Readers and service commissioners require clear financial disclosures: Comment on innovation, research integrity, and change: A conflict of interest management framework for program developers (Sanders et al., 2019)

Philip Wilson (Lead / Corresponding author), Louise Marryat, Lucy Thompson, James Coyne, Michael Allerhand

Research output: Contribution to journalComment/debate

Abstract

Sanders et al.'s proposal for a management framework for conflicting interests among program developers is very welcome. The underlying principles of such a framework must nevertheless prioritise the need for researchers and commissioners of services to make objective assessments of the impact of interventions reported in journal articles. This is particularly important in the field of randomised trials which may influence public sector expenditure. Using a strict definition derived from known financial conflict of interest, we have demonstrated that child-based effect sizes are much lower for independent studies than for studies with developer involvement. On this basis, we propose that journals publishing evaluations of psychosocial interventions should agree a standardised format for declarations of conflicts of interest based on that recommended by the International Committee of Medical Journal Editors.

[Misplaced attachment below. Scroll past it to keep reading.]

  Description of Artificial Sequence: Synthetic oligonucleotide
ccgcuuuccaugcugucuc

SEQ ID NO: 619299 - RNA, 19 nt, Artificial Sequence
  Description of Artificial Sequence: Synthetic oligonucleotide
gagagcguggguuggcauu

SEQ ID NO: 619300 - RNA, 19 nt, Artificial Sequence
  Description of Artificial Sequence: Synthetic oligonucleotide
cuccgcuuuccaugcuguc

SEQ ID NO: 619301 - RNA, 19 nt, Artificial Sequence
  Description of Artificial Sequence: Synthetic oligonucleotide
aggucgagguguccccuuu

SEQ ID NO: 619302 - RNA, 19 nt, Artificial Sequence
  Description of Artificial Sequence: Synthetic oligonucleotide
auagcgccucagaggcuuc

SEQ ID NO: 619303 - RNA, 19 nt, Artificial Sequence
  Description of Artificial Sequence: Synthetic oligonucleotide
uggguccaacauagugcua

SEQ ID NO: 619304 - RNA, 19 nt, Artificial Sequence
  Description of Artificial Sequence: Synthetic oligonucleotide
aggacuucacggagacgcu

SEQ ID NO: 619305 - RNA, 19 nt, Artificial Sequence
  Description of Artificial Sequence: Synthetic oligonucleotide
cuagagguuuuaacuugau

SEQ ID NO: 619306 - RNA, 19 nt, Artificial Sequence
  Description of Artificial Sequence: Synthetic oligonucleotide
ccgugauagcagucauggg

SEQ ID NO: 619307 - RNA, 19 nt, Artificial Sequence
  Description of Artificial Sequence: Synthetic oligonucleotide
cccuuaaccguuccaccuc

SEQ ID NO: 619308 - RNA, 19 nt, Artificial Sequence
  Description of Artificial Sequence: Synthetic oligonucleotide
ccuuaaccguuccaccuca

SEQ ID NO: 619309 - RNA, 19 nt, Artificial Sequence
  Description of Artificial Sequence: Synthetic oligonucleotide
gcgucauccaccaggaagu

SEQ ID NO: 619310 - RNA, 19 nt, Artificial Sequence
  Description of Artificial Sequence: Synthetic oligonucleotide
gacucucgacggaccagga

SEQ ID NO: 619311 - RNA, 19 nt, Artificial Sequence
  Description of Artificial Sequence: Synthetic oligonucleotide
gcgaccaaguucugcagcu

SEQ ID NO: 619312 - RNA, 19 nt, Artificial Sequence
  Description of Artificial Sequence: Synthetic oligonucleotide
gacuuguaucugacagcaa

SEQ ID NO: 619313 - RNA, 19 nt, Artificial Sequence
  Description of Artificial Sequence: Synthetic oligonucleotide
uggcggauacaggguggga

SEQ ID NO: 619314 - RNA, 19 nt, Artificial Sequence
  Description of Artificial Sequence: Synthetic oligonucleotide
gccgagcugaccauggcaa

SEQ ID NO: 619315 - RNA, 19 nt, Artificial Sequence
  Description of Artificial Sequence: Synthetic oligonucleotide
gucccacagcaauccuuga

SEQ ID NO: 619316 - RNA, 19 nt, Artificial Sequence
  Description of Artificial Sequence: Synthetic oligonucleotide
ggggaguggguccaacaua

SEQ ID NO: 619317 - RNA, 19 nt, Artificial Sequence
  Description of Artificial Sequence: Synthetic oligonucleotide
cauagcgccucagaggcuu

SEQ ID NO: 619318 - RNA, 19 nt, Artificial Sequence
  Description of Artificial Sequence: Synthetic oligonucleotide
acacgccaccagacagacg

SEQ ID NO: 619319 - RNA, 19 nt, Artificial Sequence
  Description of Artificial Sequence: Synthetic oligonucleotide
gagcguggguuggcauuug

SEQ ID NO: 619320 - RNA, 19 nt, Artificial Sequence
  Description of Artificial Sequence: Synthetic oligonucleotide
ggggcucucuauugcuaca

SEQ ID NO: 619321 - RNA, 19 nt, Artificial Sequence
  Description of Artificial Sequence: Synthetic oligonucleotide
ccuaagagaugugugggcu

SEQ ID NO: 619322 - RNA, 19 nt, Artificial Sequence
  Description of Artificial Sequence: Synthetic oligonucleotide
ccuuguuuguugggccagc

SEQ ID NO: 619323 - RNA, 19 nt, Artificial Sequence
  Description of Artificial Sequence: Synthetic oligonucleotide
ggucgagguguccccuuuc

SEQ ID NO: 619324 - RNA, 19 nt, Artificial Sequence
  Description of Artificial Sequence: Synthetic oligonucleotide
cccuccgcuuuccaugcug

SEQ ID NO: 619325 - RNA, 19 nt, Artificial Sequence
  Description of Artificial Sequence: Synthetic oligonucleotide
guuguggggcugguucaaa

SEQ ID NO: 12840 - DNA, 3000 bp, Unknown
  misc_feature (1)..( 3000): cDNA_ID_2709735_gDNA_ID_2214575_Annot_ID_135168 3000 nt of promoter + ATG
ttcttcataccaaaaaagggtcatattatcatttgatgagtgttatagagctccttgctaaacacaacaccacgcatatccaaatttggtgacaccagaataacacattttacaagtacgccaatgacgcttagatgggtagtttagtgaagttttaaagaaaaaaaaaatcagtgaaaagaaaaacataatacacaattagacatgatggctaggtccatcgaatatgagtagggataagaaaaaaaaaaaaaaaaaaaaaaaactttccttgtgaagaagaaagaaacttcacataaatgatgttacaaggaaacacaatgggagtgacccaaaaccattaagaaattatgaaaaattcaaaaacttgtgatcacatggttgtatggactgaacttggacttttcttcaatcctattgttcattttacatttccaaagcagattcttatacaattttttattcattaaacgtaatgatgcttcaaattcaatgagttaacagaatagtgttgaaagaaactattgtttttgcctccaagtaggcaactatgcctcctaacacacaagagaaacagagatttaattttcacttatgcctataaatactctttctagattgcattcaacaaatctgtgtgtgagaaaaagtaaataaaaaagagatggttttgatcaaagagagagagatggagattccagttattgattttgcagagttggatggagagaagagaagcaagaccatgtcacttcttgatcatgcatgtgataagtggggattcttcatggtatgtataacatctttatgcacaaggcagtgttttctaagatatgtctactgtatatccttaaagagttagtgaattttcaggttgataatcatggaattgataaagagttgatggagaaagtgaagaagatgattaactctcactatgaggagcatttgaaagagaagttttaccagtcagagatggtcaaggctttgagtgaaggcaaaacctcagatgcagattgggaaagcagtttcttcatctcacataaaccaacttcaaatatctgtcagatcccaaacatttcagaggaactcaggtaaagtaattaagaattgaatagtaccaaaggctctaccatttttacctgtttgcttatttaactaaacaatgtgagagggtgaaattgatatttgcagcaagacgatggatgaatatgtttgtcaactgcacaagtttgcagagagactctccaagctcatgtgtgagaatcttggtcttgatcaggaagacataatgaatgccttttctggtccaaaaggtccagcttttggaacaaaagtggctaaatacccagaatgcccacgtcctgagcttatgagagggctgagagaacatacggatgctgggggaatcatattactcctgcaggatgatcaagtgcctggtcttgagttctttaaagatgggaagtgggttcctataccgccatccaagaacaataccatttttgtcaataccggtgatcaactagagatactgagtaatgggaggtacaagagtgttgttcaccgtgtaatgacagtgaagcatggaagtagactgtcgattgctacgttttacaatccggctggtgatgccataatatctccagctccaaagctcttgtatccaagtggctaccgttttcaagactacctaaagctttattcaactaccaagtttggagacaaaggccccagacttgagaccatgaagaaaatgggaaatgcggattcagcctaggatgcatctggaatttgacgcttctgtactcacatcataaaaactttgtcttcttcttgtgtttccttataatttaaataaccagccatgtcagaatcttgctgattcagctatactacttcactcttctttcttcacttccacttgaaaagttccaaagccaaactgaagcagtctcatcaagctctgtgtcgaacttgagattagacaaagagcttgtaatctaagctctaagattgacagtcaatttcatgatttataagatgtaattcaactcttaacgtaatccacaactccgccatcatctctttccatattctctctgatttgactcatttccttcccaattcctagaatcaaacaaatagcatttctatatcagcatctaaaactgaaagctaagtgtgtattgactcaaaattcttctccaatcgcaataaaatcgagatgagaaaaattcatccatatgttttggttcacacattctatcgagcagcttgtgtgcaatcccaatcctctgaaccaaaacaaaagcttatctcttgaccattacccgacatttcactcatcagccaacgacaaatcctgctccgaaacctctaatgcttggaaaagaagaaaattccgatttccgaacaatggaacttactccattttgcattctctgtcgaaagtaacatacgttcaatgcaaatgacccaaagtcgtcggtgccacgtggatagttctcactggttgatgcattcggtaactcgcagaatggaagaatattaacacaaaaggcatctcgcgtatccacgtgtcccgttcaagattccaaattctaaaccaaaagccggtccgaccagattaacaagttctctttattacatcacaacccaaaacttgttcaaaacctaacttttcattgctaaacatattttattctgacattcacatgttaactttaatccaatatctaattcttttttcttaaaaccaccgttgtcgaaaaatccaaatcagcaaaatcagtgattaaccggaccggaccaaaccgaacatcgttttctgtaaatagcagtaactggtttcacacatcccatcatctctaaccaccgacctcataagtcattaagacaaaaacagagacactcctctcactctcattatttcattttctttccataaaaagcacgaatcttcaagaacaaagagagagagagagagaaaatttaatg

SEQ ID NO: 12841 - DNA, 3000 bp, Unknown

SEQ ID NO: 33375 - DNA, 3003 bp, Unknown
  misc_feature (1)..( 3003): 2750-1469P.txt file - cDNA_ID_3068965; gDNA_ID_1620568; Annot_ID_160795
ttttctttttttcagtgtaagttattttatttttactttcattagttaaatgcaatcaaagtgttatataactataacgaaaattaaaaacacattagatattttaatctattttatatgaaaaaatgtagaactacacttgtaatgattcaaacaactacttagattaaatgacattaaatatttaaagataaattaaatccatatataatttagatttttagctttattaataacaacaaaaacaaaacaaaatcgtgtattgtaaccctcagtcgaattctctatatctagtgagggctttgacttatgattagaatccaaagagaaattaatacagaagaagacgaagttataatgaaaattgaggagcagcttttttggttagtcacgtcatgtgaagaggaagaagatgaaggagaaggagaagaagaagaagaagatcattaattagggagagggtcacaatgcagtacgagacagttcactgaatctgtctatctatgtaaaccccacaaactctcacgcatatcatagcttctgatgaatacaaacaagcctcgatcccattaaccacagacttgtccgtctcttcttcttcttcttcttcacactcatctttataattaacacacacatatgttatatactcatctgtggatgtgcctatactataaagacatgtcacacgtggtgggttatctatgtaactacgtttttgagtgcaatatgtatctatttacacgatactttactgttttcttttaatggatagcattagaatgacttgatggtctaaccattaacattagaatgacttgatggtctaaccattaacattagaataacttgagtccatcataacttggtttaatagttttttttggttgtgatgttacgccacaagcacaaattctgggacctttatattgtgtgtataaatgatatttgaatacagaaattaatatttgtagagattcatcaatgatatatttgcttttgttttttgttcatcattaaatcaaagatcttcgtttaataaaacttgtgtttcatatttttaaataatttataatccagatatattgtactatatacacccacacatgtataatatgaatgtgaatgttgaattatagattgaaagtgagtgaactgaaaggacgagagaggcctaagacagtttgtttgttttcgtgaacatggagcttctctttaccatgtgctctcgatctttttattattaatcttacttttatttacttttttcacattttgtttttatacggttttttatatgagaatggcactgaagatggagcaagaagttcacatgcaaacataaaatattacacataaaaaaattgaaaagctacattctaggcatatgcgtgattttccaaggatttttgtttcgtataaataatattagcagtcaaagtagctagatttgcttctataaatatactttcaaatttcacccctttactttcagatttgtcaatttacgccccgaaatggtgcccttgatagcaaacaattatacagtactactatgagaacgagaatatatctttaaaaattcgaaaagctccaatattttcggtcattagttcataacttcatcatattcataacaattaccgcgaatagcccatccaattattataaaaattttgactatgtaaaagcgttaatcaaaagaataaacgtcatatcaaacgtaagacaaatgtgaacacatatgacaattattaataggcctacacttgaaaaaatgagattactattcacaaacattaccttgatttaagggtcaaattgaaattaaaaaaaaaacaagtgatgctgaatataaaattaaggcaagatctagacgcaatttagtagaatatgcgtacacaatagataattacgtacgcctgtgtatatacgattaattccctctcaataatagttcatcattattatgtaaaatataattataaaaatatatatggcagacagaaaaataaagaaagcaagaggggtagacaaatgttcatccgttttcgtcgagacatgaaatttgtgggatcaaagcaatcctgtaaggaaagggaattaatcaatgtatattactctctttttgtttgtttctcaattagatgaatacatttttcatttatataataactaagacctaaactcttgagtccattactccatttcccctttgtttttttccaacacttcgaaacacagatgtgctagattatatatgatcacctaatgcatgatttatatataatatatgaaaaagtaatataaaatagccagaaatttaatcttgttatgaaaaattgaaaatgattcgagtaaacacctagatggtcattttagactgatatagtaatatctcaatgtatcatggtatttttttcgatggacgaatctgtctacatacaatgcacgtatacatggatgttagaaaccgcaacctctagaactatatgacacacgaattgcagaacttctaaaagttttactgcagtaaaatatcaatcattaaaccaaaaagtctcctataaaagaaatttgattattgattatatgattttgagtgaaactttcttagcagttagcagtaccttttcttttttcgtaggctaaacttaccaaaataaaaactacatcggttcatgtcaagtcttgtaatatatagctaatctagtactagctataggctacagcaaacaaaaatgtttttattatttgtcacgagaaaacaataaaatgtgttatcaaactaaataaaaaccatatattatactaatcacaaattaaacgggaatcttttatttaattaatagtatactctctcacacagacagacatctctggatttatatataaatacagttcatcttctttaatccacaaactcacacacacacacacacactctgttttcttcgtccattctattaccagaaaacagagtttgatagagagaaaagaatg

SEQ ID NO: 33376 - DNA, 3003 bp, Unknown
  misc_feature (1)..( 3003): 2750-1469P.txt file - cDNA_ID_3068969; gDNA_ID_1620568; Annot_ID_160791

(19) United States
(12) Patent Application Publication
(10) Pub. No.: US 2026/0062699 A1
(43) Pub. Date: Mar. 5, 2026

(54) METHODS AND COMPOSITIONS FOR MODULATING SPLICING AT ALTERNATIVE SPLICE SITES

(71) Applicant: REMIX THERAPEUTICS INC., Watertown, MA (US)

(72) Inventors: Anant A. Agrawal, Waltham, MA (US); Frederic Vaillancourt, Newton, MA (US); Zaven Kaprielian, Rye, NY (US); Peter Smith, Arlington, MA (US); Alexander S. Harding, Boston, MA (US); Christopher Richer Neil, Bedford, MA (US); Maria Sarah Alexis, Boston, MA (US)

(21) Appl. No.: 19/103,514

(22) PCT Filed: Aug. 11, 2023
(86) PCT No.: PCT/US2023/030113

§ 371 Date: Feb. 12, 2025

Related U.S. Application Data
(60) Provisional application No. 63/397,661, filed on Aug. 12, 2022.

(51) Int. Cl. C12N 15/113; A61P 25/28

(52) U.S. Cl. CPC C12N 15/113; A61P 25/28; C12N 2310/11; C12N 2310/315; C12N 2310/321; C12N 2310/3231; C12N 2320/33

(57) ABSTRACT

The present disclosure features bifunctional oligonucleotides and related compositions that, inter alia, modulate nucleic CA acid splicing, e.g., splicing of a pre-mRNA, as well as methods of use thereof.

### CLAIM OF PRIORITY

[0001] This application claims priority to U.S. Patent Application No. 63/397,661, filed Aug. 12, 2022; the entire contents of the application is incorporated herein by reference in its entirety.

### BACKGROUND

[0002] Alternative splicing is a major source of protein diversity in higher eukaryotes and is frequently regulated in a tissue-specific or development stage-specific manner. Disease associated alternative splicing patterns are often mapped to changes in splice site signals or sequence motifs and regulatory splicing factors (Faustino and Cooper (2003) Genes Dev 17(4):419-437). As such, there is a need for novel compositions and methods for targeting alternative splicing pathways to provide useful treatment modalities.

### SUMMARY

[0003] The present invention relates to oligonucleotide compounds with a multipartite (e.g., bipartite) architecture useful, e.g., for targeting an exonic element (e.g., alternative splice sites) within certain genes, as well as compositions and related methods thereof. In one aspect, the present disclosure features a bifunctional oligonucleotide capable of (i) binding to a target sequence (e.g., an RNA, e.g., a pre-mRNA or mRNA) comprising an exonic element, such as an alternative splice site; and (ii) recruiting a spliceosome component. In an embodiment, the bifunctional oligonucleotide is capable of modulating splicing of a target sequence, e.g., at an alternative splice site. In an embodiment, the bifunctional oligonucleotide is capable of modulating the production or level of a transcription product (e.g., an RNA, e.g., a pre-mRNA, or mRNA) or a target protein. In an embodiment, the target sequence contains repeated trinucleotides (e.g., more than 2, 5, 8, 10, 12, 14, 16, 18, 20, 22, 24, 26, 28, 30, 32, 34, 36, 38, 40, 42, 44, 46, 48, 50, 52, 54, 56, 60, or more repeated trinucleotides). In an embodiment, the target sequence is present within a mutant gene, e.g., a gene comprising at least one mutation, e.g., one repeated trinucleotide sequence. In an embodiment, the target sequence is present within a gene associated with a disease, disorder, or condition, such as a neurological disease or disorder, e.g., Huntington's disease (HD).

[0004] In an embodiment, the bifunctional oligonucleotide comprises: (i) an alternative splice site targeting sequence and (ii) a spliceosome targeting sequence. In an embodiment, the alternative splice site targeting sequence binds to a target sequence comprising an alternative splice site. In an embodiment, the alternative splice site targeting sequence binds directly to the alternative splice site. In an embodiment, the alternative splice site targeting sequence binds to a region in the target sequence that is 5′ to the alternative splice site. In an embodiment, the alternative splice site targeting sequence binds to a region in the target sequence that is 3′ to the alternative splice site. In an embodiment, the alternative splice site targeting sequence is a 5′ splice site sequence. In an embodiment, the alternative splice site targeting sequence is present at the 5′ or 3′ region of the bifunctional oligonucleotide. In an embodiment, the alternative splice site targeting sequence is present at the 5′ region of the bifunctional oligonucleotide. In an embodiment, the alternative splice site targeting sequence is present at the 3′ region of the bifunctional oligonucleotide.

Original languageEnglish
Pages (from-to)102-107
Number of pages6
JournalAustralian Psychologist
Volume55
Issue number2
Early online date21 Dec 2019
DOIs
Publication statusPublished - Apr 2020

Keywords

  • child behavior
  • conflict of interest
  • parenting programmes
  • systematic review

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